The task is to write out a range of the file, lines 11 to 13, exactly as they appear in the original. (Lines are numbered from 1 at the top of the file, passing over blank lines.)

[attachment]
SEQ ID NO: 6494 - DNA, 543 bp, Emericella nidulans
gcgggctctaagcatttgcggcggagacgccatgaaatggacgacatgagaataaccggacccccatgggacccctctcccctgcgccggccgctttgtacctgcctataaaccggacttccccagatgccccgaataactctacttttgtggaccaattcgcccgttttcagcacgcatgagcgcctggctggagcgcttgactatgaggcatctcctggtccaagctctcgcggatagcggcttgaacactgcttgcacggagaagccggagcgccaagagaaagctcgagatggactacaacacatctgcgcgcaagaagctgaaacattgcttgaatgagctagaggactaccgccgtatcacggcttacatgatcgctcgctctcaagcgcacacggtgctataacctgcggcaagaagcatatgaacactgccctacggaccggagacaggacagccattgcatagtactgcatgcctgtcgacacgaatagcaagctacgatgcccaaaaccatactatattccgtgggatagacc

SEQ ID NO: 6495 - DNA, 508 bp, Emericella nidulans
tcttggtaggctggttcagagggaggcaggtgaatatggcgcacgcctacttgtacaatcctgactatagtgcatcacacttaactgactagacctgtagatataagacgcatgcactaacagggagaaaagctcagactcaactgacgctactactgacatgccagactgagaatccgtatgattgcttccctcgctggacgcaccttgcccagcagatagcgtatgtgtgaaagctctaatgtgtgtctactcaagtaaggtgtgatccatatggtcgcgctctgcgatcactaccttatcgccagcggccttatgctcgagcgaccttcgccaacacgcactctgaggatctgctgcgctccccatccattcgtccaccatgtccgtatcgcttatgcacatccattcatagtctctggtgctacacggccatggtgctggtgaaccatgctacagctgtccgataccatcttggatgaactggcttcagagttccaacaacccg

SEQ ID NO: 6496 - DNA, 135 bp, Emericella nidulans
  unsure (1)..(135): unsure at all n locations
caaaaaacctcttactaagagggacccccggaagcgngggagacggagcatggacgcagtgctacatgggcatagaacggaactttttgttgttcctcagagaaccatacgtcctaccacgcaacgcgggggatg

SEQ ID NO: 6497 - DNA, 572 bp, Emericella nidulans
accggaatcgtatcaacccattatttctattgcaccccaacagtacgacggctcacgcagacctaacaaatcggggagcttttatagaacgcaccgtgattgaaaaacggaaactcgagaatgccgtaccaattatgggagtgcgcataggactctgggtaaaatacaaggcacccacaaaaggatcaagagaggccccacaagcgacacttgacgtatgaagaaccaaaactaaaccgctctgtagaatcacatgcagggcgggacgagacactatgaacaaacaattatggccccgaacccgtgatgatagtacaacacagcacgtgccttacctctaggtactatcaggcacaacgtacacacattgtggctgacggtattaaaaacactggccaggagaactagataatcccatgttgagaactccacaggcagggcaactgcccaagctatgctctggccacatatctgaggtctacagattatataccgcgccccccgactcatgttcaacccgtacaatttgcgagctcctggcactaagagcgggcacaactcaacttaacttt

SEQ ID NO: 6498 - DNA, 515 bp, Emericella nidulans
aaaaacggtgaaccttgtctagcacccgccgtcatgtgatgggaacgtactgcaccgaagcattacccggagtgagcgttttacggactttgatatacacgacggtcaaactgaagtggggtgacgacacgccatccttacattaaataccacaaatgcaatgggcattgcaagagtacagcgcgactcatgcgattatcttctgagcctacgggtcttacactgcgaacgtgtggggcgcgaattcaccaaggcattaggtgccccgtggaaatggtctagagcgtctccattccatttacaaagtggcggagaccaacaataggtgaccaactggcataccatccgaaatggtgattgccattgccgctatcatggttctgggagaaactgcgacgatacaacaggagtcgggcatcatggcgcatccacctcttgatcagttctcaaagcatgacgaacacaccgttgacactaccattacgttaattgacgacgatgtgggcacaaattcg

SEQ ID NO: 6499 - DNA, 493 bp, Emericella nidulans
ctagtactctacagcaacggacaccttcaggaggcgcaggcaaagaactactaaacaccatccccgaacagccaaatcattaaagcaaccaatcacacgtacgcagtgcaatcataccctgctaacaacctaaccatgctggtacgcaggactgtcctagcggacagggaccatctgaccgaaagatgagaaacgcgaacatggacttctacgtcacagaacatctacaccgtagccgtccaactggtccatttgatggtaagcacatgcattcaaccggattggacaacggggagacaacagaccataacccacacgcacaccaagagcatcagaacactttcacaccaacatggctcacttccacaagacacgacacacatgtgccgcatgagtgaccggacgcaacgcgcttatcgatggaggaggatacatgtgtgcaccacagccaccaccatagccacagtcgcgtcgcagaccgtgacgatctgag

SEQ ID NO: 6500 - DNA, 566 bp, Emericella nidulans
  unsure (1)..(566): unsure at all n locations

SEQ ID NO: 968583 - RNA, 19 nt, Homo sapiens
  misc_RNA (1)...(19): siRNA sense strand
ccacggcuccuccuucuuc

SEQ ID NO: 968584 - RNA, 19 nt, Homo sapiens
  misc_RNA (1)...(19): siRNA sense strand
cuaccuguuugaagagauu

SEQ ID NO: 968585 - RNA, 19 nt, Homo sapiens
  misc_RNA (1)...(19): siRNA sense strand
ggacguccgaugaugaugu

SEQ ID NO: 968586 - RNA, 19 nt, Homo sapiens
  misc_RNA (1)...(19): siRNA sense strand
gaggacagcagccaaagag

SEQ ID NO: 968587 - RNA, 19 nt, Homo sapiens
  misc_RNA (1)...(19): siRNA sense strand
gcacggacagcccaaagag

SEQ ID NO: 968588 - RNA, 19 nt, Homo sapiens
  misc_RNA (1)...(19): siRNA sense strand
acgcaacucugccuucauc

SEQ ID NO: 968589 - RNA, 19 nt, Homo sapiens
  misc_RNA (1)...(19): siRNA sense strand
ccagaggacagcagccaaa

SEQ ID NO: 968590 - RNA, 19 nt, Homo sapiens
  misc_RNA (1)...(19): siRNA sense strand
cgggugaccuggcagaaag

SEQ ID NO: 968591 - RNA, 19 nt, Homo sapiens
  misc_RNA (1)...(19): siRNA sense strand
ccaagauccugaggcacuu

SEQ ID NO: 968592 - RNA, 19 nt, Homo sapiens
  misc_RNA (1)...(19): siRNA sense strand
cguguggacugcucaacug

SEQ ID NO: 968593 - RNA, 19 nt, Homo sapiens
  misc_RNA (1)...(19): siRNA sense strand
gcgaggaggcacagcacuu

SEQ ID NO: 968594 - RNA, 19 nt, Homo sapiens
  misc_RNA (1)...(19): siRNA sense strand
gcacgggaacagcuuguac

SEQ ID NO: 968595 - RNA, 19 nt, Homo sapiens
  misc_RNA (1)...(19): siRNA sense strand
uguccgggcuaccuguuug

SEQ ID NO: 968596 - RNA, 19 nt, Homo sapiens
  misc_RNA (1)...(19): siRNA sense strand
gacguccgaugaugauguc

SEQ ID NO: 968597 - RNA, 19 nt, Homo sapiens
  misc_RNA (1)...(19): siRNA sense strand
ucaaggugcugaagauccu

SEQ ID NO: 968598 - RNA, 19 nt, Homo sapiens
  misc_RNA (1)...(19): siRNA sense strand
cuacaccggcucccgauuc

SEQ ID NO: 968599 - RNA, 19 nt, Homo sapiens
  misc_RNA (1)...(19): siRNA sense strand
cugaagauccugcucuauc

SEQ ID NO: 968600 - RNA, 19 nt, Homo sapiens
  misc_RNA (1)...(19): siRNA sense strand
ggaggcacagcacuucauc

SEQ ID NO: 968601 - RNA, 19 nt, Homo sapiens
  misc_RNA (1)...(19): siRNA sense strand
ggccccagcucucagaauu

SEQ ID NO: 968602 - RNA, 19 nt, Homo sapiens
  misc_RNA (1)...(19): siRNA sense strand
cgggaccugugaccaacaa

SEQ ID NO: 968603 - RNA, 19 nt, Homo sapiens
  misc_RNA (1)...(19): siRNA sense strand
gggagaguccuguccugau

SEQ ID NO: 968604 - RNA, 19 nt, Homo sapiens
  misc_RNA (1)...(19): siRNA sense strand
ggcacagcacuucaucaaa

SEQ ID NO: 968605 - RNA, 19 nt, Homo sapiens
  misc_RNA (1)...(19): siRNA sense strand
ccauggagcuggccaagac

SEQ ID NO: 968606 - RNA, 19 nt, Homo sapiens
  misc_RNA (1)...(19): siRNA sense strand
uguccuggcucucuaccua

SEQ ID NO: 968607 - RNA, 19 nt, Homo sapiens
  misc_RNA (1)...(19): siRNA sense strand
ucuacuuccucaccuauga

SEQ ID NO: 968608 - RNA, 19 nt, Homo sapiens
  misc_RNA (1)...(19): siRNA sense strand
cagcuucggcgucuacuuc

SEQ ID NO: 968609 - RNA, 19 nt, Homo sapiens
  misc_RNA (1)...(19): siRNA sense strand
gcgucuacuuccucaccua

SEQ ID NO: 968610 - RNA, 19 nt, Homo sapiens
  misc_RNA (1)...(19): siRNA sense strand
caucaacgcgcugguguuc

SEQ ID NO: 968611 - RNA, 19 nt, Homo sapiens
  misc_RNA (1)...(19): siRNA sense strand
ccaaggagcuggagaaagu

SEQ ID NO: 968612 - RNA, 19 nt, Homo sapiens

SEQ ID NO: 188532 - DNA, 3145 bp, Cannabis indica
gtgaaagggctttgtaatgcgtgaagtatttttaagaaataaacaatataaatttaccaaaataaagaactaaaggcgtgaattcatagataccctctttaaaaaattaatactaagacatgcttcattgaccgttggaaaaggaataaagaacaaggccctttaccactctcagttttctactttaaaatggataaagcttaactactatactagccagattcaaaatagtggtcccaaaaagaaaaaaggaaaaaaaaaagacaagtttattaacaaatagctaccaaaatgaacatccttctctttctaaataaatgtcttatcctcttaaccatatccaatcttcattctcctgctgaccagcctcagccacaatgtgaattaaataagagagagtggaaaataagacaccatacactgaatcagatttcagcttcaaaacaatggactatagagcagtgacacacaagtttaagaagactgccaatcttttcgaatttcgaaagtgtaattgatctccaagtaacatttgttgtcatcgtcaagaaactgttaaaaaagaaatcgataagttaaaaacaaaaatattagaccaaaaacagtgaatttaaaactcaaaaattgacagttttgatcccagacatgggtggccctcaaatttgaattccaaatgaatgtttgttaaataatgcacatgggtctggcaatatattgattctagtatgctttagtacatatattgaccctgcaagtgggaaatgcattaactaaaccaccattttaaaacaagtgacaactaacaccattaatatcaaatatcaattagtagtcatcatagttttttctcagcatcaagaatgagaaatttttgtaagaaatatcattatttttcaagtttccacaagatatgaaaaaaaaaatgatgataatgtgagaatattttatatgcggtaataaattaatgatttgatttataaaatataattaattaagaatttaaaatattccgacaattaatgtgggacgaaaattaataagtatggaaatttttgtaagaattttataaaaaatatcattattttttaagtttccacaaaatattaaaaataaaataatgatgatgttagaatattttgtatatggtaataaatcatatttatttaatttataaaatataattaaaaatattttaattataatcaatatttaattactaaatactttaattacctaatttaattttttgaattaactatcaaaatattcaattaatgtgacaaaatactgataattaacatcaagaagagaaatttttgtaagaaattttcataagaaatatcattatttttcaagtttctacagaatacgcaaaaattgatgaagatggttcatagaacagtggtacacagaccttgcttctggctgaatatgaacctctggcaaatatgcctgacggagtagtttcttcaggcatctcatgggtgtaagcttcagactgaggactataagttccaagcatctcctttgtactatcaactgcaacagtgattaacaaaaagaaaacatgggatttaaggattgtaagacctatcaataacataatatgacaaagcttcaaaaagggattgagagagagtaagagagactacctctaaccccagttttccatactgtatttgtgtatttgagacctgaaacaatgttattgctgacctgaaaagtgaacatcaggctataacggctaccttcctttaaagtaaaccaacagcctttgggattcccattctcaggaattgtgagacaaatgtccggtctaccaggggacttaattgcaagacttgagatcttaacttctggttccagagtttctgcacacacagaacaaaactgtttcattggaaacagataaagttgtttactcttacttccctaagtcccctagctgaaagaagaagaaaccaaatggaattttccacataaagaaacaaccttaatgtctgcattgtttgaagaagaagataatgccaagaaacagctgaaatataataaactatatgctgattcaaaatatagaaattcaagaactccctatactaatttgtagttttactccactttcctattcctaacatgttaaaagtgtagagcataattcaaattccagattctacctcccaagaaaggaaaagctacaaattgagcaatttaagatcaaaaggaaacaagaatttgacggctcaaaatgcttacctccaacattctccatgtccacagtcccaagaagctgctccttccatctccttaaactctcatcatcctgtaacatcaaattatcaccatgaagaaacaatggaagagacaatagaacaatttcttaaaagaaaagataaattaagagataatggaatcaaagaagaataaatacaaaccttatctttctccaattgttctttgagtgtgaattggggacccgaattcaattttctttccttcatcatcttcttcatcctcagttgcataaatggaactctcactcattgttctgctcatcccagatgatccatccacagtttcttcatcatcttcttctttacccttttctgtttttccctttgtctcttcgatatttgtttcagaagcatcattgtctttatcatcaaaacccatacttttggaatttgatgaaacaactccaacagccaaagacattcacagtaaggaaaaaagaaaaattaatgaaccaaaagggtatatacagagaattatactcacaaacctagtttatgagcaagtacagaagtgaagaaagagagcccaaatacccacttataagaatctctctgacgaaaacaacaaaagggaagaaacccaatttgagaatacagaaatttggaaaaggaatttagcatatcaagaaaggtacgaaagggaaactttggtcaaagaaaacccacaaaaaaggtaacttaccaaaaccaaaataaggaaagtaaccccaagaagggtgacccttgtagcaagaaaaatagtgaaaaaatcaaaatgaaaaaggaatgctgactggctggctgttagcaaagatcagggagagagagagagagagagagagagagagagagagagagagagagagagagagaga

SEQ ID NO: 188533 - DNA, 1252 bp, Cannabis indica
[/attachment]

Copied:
aaaaacggtgaaccttgtctagcacccgccgtcatgtgatgggaacgtactgcaccgaagcattacccggagtgagcgttttacggactttgatatacacgacggtcaaactgaagtggggtgacgacacgccatccttacattaaataccacaaatgcaatgggcattgcaagagtacagcgcgactcatgcgattatcttctgagcctacgggtcttacactgcgaacgtgtggggcgcgaattcaccaaggcattaggtgccccgtggaaatggtctagagcgtctccattccatttacaaagtggcggagaccaacaataggtgaccaactggcataccatccgaaatggtgattgccattgccgctatcatggttctgggagaaactgcgacgatacaacaggagtcgggcatcatggcgcatccacctcttgatcagttctcaaagcatgacgaacacaccgttgacactaccattacgttaattgacgacgatgtgggcacaaattcg

SEQ ID NO: 6499 - DNA, 493 bp, Emericella nidulans
ctagtactctacagcaacggacaccttcaggaggcgcaggcaaagaactactaaacaccatccccgaacagccaaatcattaaagcaaccaatcacacgtacgcagtgcaatcataccctgctaacaacctaaccatgctggtacgcaggactgtcctagcggacagggaccatctgaccgaaagatgagaaacgcgaacatggacttctacgtcacagaacatctacaccgtagccgtccaactggtccatttgatggtaagcacatgcattcaaccggattggacaacggggagacaacagaccataacccacacgcacaccaagagcatcagaacactttcacaccaacatggctcacttccacaagacacgacacacatgtgccgcatgagtgaccggacgcaacgcgcttatcgatggaggaggatacatgtgtgcaccacagccaccaccatagccacagtcgcgtcgcagaccgtgacgatctgag